To my facebook friends: If you can’t contact me in a way other than through facebook, you probably don’t like me that much anyway. To the rest of you, I look forward to talking to you in my real life.

I cannot begin to tell you how much happier I am now.


My husband is a big bicycle enthusiast. I think it’s safe to say in the 11 years I’ve known him, he’s had at least a dozen bicycles. He builds them from parts, finds them in alleys, fixes them up, barters, sells, and buys. He has three right now in addition to the three he acquired for me (they’re all second hand and two of them were free) and our sons tricycle, bicycle seat and bike trailer. We are a household who enjoys a good bicycle. At least that’s what Michael would like people to believe.

My loyalties, however, lie somewhere else entirely and he knows it.

A few years ago when gas prices got really terrible, there was a revolutionary atmosphere in our apartment. To amuse myself, I began talking and scheming against the establishment. I struck upon an idea that I became very passionate about; travel by horse was going to come back. I announced to Michael, very theatrically, that horses were the way of the future. He laughed and then began to argue that no, bicycles were the way of the future and . . . the future is now. We enjoyed arguing and pleading our side of the case, many times laughing so hard we almost cried. I insisted his opinion couldn’t be trusted on the matter because he’d had three of his very own horses – Duchess, Whiskey Jack and one, I was appalled to discover, he can’t even recall the name of – when he was a kid and he just didn’t appreciate them the way he should have. He claims they had terrible temperaments but I think they just didn’t like him because they could sense he was a secret bicycle revolutionary. We did agree on one thing, riding horses and bicycles is much more fun than riding in a car.

I have since admitted that bicycles are probably a safer bet than horses. There are a lot of logistical problems when it comes to “storing” horses, especially in a city . There’s also the matter of cleaning up after and feeding them. Most importantly, bicycles don’t tend to die on you. But, I always remind Michael, a bicycle just can’t love you back.

Horses, the way of the future. At least in my dreams.

The debate is over, but the sentiment lives on. Whenever we become impassioned about something in our household – politics, human rights violations, corruption, the economy, greed, health insurance, cronyism, or anything that just seems wrong – the revolutionaries in us come out again. We look at each other and whisper conspiratorially, “Horses, the way of the future.” And then we laugh. It makes the world seem like a less horrible place. You should try it.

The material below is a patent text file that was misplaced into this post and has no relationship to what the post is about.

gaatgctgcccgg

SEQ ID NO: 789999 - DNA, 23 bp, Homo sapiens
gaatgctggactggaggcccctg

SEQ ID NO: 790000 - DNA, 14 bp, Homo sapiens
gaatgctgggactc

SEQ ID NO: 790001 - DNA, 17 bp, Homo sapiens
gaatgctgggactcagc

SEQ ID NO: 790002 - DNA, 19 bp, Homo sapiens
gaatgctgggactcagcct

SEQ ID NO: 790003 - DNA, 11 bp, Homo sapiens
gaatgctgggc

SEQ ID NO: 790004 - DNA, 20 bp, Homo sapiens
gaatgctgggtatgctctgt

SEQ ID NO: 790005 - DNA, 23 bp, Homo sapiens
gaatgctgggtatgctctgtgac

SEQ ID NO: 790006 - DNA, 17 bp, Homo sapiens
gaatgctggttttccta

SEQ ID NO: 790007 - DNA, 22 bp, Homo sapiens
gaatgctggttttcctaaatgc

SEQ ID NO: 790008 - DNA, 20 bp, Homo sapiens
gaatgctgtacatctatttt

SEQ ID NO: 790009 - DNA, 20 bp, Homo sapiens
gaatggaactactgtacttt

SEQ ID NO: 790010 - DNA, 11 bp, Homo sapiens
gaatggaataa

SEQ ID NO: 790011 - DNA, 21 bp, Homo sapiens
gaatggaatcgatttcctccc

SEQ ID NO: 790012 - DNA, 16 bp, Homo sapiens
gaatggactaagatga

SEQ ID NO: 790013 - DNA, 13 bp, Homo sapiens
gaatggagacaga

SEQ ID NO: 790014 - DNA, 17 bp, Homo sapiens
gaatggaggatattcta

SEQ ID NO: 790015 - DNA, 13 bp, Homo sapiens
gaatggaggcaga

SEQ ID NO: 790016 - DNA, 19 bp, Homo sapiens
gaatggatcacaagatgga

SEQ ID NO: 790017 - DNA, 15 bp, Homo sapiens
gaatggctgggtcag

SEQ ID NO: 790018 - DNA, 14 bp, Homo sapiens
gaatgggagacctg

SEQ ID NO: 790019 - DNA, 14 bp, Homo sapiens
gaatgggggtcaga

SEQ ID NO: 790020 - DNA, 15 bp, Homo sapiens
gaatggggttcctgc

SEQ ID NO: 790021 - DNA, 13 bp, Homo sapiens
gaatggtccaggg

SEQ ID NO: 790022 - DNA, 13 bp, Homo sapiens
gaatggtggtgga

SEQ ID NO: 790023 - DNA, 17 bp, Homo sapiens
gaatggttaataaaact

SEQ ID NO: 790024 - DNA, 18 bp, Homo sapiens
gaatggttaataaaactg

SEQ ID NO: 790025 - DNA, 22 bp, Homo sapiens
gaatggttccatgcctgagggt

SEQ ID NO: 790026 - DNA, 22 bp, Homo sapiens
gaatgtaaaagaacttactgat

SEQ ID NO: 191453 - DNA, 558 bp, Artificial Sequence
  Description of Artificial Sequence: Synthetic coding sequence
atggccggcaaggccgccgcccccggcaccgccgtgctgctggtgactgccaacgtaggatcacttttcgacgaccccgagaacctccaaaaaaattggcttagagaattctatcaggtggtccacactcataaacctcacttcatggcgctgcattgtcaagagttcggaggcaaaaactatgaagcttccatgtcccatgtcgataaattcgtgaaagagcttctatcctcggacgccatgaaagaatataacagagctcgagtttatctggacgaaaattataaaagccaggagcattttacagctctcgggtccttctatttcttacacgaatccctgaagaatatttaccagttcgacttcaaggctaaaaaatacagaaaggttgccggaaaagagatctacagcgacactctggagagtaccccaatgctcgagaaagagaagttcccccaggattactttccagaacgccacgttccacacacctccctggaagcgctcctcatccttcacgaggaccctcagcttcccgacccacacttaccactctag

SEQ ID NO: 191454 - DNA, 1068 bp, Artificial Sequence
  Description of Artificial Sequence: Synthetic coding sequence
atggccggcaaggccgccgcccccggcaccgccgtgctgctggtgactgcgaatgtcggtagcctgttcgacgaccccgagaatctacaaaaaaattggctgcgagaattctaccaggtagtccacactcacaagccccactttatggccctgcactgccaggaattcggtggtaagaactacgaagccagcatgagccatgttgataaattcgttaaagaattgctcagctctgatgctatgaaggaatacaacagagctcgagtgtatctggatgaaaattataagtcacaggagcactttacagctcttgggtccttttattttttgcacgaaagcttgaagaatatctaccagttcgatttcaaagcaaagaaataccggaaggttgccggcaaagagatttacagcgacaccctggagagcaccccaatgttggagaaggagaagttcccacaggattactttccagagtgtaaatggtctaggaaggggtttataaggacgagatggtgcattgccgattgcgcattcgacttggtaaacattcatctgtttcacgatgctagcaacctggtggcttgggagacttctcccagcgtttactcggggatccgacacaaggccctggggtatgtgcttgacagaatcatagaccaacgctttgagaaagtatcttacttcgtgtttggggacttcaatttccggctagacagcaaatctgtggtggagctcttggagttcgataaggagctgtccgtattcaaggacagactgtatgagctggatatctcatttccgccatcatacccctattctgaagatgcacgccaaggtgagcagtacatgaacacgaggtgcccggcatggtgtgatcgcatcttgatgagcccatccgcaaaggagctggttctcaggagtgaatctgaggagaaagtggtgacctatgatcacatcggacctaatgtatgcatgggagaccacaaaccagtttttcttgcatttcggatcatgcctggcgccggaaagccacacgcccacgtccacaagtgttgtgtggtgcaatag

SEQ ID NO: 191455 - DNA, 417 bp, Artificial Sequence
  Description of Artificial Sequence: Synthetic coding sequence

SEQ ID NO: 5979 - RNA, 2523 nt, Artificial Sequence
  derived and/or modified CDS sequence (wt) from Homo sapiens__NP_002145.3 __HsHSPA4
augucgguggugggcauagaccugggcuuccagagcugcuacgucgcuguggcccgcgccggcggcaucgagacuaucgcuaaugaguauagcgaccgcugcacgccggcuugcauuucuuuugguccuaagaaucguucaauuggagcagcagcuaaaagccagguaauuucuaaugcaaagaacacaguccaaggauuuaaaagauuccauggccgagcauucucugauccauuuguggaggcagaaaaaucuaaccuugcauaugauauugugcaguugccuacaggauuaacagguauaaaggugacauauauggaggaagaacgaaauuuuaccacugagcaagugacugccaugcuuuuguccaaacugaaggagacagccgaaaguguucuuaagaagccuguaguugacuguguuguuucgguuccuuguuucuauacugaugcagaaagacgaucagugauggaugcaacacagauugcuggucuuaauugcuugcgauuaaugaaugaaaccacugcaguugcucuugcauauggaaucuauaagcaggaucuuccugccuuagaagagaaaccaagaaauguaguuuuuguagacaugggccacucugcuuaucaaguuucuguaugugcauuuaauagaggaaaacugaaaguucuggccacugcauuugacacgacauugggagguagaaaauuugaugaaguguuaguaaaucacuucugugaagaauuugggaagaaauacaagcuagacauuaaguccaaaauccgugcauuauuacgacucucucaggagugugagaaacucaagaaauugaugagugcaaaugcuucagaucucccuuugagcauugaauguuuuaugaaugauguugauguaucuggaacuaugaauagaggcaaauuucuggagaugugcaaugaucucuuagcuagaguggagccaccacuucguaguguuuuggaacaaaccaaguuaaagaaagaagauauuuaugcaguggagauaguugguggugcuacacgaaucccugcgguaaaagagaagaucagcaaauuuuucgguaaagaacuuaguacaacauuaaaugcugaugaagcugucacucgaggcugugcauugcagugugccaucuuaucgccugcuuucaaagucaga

Horses, the way of the future – The revolution is coming. I’m thinking about having t-shirts made.

I let my great NaNoWriMo success in November go to my head. I set a goal during December to have my second draft completed by February 1st. A month and a half seemed like sufficient time to get it done. After all, I’d written 50,000 words in 30 days, right?

February 1st has come and gone and I’m quite far from being completed with my edits. Actually, I’m still stuck in the first 10,000 words.

Much of this has to do with my husband’s hidden gift of amazing editing skills. Not only is Michael excellent at grammar, but he’s a genius when it comes to spotting logical inaccuracies. Sometimes when we sit down to edit together he points out something so minute and detailed that I cannot help but be reminded of an episode of the TV show, Monk. Mr. Monk becomes a magazine proofreader (Season 3: Mr. Monk Gets Fired) and points out that a writer used the word, decimate, when describing a building being knocked down but, Adrian Monk points out, it’s inaccurate because decimate means to reduce by a tenth not destroy entirely. Those are the kinds of logical inaccuracies Michael finds. I’m not kidding. Is it any wonder that the editing is taking so long?

At first I was frustrated, but then I realized that although the process can be slow and arduous, I shouldn’t want to rush it. This is my chance to make my manuscript great. It has potential now, but it needs work. I need to be pushed to pull something better from myself. I’ve spent years planning and working, why would I limit myself to less than two months to polish it to as near perfection as I am capable of?

My new hope, and goal, is to be completed with the second draft on April 1st because that, for me, will be enough to meet my, “I’ll give myself five years to finish this book” requirement.